Late May/Early June 2021
For my recent befuddling foray on the Trout Creek beaver ponds see: https://hooknfly.com/2021/05/23/__trashed/
and for some tips and techniques for beaver pond angling see: https://hooknfly.com/2021/05/27/runoff-blues-try-a-beaver-pond/
Beaver ponds are my go-to alternative when my favorite rivers and creeks in Colorado are blown out from spring runoff. This year I decided to try some inviting new waters close to home that I had overlooked for years. Based on decades of experience, mostly in the school of hard knocks, I fancy myself a fair-to-middling beaver pond angler. However, as documented in a recent blog post in May (See link above.), my first beaver pond outing of the season on a stream near Buena Vista, Colorado, one with a very promising name—Trout Creek—left me bewildered and despondent. After some four hours of hacking my way through a willow jungle and numerous casts on picture-perfect ponds, I netted only three modestly-sized fish! Needless to say, my piscatorial mojo was severely depleted. Undaunted, I promised I would return to take on the insolent critters, but decided first I better get some semblance of my full mojo back. To do so, I settled on a series of beautiful beaver ponds that dot Pass Creek, a small stream only a mile from my cabin near Salida, Colorado, as a potential antidote.
Pass Creek originates high up near the Continental Divide at the foot of 12,850-foot Chipeta Mountain, flowing out of beautiful Pass Creek Lake which holds some gorgeous cutthroats.
It then cascades some eight miles to its confluence with Little Cochetopa Creek just below my cabin. I had fished the lake and upper four miles of the creek a number of times over the years and had a ball catching some nice cutts in the lake and smaller cutts and brookies in the creek below, with a few surprise out-sized cutts mixed in. However, further down below the remnants of a little mining ghost town, I hadn’t given the stream much attention, primarily because it is heavily overgrown in its lower stretches or runs through private land.
In 2020 curiosity had finally gotten the best of me, and I sampled a couple of the beaver ponds a mile or so above the Little Cochetopa Creek confluence, landing several hefty brownies.
Alas, sometime in the past year those little waters had been blown out by the runoff, which often happens with beaver ponds. Fortunately, one fine winter’s day in 2021, I had decided to get some fresh air and drove up the bumpy gravel road that parallels the creek to do some recon. And what to my wondering eyes should appear but a series of beaver ponds that had been invisible all those years, hidden by a thicket of bushes, vines, and trees.
I marked the location on Google Maps and then bided my time. Now that time had arrived with my beaver pond mojo needing some readjustment!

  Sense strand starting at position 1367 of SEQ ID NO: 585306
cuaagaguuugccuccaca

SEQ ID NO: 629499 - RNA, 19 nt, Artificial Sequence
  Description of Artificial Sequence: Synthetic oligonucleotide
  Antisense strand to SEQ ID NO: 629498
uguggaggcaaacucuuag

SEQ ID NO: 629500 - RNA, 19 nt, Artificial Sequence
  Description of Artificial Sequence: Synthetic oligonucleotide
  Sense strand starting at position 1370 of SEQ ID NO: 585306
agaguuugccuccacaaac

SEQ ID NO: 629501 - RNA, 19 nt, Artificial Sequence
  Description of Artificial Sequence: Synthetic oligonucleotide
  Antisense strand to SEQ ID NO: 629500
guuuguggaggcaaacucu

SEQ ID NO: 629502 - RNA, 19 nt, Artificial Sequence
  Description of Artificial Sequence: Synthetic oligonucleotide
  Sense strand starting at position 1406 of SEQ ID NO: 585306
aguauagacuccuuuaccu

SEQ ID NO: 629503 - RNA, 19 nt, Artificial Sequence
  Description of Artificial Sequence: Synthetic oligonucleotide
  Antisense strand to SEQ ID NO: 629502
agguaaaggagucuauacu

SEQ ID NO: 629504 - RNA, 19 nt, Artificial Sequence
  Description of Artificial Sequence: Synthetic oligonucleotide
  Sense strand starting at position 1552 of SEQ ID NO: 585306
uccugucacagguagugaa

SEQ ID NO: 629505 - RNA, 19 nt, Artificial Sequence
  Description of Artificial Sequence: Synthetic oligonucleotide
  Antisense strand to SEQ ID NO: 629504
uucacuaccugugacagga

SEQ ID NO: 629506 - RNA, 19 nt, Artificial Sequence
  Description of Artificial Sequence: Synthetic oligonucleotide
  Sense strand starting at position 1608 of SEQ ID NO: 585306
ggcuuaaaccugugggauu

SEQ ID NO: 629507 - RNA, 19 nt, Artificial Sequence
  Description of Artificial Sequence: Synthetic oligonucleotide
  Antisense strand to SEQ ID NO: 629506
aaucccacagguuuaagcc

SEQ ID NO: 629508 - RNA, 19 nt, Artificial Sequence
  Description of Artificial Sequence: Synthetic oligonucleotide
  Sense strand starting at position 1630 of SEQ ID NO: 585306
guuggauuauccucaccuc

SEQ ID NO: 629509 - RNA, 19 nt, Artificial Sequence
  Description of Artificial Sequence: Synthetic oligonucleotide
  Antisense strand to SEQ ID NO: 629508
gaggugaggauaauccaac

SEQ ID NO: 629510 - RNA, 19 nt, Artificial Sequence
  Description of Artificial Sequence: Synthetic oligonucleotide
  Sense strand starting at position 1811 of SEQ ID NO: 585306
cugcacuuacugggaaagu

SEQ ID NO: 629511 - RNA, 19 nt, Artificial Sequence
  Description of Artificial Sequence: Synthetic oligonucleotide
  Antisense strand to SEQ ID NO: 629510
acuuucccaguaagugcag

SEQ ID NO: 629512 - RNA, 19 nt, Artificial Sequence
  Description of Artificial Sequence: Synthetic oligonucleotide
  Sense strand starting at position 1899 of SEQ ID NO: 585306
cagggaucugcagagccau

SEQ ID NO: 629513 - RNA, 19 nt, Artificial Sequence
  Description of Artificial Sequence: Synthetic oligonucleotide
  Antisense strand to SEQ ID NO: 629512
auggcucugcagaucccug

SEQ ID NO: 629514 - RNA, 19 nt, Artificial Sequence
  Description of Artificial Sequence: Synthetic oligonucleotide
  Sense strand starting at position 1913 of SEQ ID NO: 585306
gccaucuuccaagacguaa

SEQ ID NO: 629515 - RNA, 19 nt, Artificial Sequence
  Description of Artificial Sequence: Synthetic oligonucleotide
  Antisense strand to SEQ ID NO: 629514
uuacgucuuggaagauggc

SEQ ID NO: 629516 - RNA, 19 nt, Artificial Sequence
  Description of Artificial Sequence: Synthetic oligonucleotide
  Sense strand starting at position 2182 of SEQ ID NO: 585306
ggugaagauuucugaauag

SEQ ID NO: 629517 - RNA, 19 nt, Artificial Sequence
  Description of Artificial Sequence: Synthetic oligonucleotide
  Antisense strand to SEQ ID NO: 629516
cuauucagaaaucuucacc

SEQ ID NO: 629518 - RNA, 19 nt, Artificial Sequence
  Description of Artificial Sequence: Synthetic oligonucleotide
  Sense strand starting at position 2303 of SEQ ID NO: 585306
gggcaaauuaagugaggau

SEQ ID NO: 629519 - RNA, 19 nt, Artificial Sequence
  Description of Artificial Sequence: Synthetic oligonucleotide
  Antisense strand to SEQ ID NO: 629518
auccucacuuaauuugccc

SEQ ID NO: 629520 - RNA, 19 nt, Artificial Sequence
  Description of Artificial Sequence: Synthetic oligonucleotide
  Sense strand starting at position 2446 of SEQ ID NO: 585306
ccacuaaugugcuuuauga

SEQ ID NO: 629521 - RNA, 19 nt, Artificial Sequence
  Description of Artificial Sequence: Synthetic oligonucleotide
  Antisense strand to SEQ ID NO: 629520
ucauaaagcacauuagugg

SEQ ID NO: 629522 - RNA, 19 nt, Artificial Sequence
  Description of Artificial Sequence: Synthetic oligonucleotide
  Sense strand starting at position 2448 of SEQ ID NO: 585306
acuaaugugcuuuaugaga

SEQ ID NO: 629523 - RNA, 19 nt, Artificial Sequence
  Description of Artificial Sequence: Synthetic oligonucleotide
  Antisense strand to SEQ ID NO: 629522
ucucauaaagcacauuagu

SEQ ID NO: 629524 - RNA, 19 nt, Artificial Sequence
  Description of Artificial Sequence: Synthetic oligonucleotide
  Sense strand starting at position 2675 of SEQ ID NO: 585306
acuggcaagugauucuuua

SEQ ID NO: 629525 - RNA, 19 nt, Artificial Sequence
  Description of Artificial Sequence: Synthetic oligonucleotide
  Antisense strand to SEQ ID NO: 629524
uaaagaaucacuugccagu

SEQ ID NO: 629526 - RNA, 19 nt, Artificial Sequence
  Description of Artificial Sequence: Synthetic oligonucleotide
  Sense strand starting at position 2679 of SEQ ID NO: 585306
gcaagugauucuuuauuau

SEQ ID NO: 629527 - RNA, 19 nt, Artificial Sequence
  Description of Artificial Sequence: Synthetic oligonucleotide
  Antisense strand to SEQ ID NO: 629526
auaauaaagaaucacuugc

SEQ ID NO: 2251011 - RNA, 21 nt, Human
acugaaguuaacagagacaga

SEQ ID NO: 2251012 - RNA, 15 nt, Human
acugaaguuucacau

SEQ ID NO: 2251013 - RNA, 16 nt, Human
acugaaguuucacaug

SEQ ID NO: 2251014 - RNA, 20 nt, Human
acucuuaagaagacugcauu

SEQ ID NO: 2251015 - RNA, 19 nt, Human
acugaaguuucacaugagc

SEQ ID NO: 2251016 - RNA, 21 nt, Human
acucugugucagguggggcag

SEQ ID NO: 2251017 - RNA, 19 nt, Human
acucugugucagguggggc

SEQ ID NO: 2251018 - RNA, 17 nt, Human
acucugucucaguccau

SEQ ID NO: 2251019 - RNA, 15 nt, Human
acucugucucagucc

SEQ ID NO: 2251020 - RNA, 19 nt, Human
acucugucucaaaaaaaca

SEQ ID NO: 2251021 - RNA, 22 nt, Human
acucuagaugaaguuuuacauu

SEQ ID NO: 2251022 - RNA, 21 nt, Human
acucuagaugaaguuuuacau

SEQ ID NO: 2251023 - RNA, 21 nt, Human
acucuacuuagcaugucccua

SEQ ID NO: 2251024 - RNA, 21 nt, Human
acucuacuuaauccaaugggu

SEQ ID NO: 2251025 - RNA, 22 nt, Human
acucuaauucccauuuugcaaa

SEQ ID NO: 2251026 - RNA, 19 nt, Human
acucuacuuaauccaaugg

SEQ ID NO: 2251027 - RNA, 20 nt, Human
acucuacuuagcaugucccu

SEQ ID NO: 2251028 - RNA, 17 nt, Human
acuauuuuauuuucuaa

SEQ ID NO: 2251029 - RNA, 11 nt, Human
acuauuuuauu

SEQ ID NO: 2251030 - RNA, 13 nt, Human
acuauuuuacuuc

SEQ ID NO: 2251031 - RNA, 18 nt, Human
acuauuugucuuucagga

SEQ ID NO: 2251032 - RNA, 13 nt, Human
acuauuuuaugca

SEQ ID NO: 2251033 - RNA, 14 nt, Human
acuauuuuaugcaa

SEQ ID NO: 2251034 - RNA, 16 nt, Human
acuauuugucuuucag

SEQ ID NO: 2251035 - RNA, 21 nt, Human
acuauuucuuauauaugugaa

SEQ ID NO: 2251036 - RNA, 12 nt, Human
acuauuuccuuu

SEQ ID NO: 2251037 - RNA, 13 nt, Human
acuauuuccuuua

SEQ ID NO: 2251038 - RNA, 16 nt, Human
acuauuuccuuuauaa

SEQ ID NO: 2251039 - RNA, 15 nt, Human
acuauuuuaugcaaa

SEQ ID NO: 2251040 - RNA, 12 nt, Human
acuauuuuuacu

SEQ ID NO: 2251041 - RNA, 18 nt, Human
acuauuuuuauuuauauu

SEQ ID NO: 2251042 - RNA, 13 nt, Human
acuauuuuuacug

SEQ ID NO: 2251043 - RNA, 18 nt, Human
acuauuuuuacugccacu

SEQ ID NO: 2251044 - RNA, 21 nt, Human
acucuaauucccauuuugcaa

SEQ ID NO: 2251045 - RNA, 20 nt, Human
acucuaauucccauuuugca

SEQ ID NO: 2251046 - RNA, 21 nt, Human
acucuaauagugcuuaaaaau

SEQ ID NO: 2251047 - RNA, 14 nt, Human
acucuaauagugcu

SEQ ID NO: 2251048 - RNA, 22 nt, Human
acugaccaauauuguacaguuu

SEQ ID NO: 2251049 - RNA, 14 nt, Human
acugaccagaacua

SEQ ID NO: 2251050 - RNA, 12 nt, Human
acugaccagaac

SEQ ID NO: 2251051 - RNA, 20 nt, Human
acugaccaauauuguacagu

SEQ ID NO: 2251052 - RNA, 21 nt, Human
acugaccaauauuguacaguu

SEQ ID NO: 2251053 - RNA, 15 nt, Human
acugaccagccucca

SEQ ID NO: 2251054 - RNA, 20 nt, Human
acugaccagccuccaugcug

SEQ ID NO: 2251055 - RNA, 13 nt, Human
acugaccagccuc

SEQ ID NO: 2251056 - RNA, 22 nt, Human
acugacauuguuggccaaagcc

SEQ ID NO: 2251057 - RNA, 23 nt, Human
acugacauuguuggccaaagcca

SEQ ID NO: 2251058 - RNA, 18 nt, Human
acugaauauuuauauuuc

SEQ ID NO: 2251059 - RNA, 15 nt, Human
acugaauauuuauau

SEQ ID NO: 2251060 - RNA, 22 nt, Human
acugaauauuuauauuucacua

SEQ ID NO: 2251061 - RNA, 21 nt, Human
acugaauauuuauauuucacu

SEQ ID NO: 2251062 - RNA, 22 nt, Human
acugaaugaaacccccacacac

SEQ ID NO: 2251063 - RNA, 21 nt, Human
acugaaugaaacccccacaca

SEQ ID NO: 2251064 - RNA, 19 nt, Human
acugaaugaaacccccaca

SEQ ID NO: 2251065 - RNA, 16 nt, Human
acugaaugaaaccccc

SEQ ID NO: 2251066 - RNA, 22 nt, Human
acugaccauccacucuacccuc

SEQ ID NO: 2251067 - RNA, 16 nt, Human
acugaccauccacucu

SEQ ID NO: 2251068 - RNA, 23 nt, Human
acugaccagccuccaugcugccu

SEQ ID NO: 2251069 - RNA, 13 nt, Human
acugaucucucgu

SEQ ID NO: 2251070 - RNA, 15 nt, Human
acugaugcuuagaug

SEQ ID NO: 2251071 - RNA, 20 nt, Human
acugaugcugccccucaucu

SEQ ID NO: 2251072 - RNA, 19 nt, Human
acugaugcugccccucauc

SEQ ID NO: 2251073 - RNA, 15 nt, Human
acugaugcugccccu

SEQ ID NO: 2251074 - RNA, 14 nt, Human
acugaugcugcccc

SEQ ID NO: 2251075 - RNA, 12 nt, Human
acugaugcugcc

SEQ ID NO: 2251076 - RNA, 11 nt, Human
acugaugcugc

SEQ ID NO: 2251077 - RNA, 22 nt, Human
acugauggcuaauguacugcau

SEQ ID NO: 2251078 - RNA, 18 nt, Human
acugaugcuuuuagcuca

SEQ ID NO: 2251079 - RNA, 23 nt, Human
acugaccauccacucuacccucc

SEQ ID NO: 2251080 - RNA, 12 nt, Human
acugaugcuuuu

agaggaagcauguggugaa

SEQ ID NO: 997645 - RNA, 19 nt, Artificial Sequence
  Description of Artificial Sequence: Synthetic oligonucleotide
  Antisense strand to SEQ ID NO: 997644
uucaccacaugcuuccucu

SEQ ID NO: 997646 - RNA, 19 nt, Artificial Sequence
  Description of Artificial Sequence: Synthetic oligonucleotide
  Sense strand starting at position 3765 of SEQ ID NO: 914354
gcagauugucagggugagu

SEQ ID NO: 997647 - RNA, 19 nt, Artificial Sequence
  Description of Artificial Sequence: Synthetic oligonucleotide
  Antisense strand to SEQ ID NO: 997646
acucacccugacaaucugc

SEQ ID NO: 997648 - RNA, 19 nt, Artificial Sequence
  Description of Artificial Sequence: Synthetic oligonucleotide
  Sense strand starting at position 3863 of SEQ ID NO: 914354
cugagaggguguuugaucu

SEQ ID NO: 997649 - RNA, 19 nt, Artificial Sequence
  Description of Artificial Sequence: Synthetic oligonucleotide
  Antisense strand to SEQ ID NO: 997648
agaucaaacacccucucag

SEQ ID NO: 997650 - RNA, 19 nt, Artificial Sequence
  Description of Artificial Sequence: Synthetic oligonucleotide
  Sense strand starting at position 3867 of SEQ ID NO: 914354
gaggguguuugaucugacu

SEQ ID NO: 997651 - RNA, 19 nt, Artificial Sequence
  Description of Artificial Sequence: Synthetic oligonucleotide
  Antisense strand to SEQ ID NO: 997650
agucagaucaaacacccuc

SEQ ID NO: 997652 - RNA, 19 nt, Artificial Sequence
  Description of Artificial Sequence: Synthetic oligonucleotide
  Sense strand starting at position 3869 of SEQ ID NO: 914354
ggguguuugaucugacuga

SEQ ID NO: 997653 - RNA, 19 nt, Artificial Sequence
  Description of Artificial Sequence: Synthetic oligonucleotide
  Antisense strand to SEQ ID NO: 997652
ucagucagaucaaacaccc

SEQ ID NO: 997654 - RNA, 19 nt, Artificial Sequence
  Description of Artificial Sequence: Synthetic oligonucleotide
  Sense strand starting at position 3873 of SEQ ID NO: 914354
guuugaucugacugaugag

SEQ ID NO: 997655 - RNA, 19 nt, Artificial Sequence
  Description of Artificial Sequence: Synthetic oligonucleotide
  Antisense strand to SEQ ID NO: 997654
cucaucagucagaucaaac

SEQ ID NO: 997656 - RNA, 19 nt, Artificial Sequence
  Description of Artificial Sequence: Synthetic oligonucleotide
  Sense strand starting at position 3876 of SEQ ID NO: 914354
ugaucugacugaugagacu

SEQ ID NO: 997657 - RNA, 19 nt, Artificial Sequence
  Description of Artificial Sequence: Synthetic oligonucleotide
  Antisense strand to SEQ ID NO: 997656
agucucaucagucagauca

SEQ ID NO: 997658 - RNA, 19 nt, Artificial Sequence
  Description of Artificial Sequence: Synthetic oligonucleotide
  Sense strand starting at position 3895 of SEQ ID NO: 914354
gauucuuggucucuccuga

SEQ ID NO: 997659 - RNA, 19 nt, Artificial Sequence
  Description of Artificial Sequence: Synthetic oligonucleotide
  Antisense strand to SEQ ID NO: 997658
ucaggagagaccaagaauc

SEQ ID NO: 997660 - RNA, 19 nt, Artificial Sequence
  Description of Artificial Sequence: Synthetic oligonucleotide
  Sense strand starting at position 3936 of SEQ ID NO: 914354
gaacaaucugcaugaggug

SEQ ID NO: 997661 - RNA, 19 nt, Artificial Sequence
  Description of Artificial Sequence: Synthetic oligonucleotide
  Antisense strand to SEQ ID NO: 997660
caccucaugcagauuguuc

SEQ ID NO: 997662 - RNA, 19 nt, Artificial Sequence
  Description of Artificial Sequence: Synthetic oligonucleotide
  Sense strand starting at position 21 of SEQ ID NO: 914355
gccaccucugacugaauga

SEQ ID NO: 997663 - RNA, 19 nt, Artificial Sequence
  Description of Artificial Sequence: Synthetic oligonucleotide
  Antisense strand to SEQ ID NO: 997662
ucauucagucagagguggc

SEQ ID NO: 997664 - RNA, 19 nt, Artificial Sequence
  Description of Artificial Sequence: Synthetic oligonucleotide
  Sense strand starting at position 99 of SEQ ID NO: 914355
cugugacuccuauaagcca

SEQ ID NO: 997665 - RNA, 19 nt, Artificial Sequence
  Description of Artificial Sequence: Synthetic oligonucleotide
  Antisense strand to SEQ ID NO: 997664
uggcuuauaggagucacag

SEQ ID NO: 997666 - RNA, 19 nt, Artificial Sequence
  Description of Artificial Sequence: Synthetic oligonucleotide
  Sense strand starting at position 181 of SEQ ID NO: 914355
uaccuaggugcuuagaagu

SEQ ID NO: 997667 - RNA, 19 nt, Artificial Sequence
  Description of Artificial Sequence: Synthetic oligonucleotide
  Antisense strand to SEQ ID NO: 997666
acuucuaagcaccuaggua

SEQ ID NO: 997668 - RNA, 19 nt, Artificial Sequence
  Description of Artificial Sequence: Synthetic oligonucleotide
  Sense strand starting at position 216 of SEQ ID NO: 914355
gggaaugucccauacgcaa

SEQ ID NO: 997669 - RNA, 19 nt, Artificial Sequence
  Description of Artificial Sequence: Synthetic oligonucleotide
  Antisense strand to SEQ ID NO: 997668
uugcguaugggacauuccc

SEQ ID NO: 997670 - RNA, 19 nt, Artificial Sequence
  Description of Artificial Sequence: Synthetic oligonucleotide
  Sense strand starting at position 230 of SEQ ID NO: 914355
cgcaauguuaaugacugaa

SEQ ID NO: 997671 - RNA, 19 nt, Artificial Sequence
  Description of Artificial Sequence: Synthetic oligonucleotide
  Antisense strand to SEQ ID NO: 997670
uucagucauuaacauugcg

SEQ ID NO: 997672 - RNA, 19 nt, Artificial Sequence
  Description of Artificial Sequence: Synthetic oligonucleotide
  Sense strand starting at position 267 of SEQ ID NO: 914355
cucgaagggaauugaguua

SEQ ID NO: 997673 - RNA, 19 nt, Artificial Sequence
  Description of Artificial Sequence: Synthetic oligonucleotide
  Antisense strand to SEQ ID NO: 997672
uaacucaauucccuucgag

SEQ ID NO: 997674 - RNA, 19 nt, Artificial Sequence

On a sunny afternoon in late May I was bouncing up CR (County Road) 212 that winds above the creek. The breeze was light and temperature in the 70s. I could see the creek was high from the runoff but reasonably clear and definitely fishable. I drove up about two miles up from the junction of CR 210 and 212 and pulled over at a turnout in the road where I had spotted the ponds earlier, then walked about a quarter mile back down just below where I estimated I would find the last of the ponds in this stretch.
The ponds were completely hidden, but relying on my keen navigational skills and some prayers, plunged into the thicket for a serious bushwhacking session.
Soon the wild roses and other assorted thorny bushes were grasping at my waders, and just as I was about to utter some choice expletives, I spied what looked to be a pond and could hear the rush of the creek.
I navigated carefully around a waterfall above the pond, but despite my stealthy approach, sent a squadron of small trout in the shallows scurrying for cover. Well, I thought, at least the fish are here. I decided to let the denizens of the pond settle down and fish the creek right below the waterfall. I checked some stream rocks and found them loaded with small mayfly and caddis nymphs. Caddis and mayflies along with midges were also flitting around in the air above the water. All signs were looking good! I was carrying two rods, one a 7.5-foot three-weight fly rod that I rigged with a bushy #16 Rio Grande King Trude attractor below which I tied on a #18 red Two-Bit Hooker to imitate the mayfly nymphs. The other, blasphemously, was a 5-foot ultralight spincast outfit that I figured I might need to be able to cast in the overgrown stretches above where fly casting would be impossible or to get down deep in the ponds. It was rigged with a beadhead sparkle caddis nymph and a #20 red zebra midge.
I knelt carefully on a sandbar 20-feet below the waterfall and targeted my cast at the foam line along the grassy undercut bank. The trude floated jauntily down the little run and promptly disappeared. I set the hook and was on to a trout that scampered back and forth in the small pool. Finally a Lilliputian brown came to the net.
Given my baffling experience on the aforementioned Trout Creek, I celebrated with a victory dance. Never has there been such rejoicing over an eight-inch fish as there was for this little guy.